This voluntary code of practice for eggs covers both their production and packaging. The survey highlighted the wish of caterers to revert to using safe fresh eggs. The main focus of the Egg Quality Assurance Scheme is to deliver these safe fresh shell eggs. The consumption of fresh shell eggs and fresh shell egg products such as homemade mayonnaise, mousses, ice-cream, tira-misu, baked Alaska and sauces, e.g. Hollandaise sauce, should be avoided by vulnerable groups such as the elderly, young infants, pregnant women or those with any form of poor health. vi

Executive Summary This report contains the findings from a survey on egg usage in the Irish Hotel, Restaurant and Commercial Catering Industry.

In its role as a consumer protection agency, the Food Safety Authority of Ireland undertook to explore the current level of use of fresh shell eggs and pasteurised egg in the Irish catering industry. The surveys were distributed throughout Ireland during February 1999 to the members of The Restaurants Association of Ireland, The Catering Management Association and The Irish Hotels Federation. In addition, a stand was also set up at the RDS during the National Catering Exhibition 1999 and attendees requested to take part in the survey.

The following is a list of some of the key findings: Fresh shell eggs # Considering the risks associated with the usage of fresh shell eggs, high percentages of all establishments use fresh shell eggs in uncooked (26%) and semi-cooked (43%) egg dishes. # The main users of fresh shell eggs are small and medium sized hotels and restaurants in uncooked and semi-cooked dishes, from approximately ¼ (25%) to less than ½ (48%) of respondents in these categories. Pasteurised egg # Low percentages of all establishments use pasteurised egg in uncooked (26%) and semi-cooked egg dishes (21%).

The main users of pasteurised egg are large hotels and restaurants in uncooked egg dishes (43% and 37% respectively) and in semi-cooked egg dishes (41% and 29% respectively).

Only 4% of small restaurants are using pasteurised egg in uncooked or semicooked egg dishes. Salmonella controlled flocks # 80% source their eggs from Salmonella controlled flocks. vii

Changing to pasteurised egg # Approximately 1 /3 (34%) of all establishments changed to using pasteurised egg in uncooked egg dishes and 28% in semi-cooked egg dishes. # 97% of respondents who changed to pasteurised egg did so for safety reasons. Perceptions of pasteurised egg # Significant proportions, 33% to 42%, of all establishments in all categories of premises indicated that pasteurised egg restricts their menu. # 12% to 17% of all establishments perceived that pasteurised egg impairs the organoleptic quality of the product.

Egg Quality Assurance Scheme # 72% of all establishments responding to the Scheme would use fresh shell eggs if there was an Egg Quality Assurance Scheme.

Awareness of Salmonella # 86% of respondents were aware that Salmonella could be present inside the egg. # Only 47% were aware there was a risk from Salmonella on the outside of the eggshell. HACCP # 41% of all respondents indicated they have a HACCP system in place, with approximately two thirds of the large hotels, restaurants and commercial caterers presenting the highest implementation rate. # Out of the total number or respondents only a very small proportion, 9%, of medium hotels and restaurants identified eggs as a potential hazard. viii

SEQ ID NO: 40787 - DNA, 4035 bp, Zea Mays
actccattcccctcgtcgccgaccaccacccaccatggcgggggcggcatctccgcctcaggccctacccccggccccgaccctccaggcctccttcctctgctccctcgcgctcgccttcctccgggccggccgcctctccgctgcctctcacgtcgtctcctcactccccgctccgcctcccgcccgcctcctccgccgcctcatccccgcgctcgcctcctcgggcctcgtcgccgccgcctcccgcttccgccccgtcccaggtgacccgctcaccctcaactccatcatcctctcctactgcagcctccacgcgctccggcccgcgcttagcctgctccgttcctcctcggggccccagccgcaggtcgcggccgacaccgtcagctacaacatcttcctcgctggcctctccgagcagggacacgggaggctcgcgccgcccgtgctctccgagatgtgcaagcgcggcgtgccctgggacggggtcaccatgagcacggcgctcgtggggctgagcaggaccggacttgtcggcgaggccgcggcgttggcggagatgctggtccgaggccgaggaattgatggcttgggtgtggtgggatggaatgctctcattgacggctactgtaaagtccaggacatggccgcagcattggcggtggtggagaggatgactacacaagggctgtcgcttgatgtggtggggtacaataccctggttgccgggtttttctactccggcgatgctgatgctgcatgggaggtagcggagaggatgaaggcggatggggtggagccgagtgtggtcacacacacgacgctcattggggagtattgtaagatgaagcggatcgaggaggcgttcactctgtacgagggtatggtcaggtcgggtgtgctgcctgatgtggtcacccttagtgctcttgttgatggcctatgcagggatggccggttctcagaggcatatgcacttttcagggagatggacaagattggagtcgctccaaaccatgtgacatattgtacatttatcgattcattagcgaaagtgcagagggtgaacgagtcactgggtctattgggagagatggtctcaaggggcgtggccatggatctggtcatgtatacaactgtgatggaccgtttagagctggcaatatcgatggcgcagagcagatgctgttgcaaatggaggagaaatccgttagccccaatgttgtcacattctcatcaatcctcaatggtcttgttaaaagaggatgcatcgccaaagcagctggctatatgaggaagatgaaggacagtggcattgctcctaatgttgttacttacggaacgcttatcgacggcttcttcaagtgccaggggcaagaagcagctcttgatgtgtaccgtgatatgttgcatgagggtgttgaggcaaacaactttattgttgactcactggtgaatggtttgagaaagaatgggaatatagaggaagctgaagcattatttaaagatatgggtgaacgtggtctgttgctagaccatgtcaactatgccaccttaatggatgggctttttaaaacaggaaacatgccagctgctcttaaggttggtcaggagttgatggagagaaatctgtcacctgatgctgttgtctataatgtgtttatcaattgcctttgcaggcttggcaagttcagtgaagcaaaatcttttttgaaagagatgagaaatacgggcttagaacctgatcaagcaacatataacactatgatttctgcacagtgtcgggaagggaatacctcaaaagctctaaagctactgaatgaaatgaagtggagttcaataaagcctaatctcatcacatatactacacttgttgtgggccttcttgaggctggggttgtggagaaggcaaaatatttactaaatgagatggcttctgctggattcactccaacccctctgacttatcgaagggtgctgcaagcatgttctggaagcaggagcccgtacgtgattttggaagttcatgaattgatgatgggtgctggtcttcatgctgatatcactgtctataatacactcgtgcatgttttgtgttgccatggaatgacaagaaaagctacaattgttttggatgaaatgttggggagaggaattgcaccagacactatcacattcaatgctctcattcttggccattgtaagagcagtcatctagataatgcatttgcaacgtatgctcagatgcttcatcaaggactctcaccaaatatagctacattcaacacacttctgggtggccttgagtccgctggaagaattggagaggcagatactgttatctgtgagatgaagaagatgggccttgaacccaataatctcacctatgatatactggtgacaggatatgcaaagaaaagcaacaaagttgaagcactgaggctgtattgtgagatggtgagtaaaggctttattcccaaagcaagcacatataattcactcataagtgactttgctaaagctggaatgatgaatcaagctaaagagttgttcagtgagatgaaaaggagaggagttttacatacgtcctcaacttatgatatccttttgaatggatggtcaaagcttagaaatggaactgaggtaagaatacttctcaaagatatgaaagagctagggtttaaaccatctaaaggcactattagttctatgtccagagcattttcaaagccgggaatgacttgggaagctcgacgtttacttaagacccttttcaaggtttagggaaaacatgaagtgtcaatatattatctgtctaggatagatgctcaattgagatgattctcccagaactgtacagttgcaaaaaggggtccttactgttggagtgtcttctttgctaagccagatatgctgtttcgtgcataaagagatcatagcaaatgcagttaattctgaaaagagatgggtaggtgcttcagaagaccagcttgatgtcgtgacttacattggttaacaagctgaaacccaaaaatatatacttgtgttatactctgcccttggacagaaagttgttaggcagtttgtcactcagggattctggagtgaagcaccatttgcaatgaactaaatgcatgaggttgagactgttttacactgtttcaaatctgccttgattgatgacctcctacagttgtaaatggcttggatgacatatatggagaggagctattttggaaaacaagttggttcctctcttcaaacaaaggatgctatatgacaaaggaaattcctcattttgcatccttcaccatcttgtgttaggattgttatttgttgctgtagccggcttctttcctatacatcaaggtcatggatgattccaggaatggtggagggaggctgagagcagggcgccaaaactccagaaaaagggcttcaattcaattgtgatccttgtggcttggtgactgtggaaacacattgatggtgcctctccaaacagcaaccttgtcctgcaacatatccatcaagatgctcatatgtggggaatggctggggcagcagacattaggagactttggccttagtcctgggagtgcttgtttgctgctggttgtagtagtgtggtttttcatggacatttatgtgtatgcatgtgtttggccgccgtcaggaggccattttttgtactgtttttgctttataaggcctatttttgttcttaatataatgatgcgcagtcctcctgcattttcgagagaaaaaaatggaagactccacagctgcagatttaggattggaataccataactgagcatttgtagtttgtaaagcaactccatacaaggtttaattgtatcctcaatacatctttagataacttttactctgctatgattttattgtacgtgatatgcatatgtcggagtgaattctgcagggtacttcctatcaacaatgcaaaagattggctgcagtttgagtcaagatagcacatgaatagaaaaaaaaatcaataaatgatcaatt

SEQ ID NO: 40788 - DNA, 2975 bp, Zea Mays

1 Introduction ix

1.1 INTRODUCTION Ireland is one of four EU member states (along with Sweden, Finland and Denmark) which have an EU approved Salmonella Plan. Under the plan all farms are tested and monitored by the Department of Agriculture and Food and any egg laying flocks with confirmed Salmonella infections are slaughtered immediately. A number of foodborne outbreaks during the summer months of 1998 were associated with the consumption of fresh shell eggs and fresh shell egg products. The source of the eggs from four of the outbreaks was traced to flocks from Northern Ireland.

Eggs produced under the Republic of Ireland Salmonella Control Programmes were not implicated.

The risk of contracting Salmonella from table eggs in the Republic of Ireland appears to be small but as a precautionary measure consumers were advised to cook all eggs and egg dishes thoroughly before consumption. However, there is an increased risk associated with large-scale food production in the catering industry due to the large volumes of eggs that are used. One egg infected with Salmonella could contaminate a whole batch and these bacteria could subsequently multiply to fatal levels in foods that are left unrefridgerated, for example, food at buffets. All caterers were therefore advised by the Food Safety Authority of Ireland to use pasteurised egg in all raw egg dishes.

1.2 EGG QUALITY ASSURANCE SCHEME Subsequent to the foodborne outbreaks in 1998 and as a result of the increasing association between Salmonella and eggs, An Bord Bia in association with the Irish egg industry developed Ireland’s first Quality Assurance Scheme for eggs. This Egg Quality Assurance Scheme was launched in March 1999 and lays down quality assurance requirements that must be adhered to by the participants, from producer to packer, in order to minimise the risk to consumers. x

This is a voluntary code of practice, with enhanced Salmonella controls, which covers all aspects of egg production (including hygiene, disease control and flock welfare) as well as packaging. During the production stage the Salmonella controls are built around the sourcing of pre-lay birds from approved sources with the relevant documentary evidence. Product identification and traceability is the key element of the packer’s requirements. This ensures that if there is any breach of the quality chain the product can be traced back to the farm of origin. The Egg Quality Assurance Scheme is designed to build on the general high health status of the country’s egg laying flocks with the main focus of delivering SAFE eggs to consumers and caterers alike.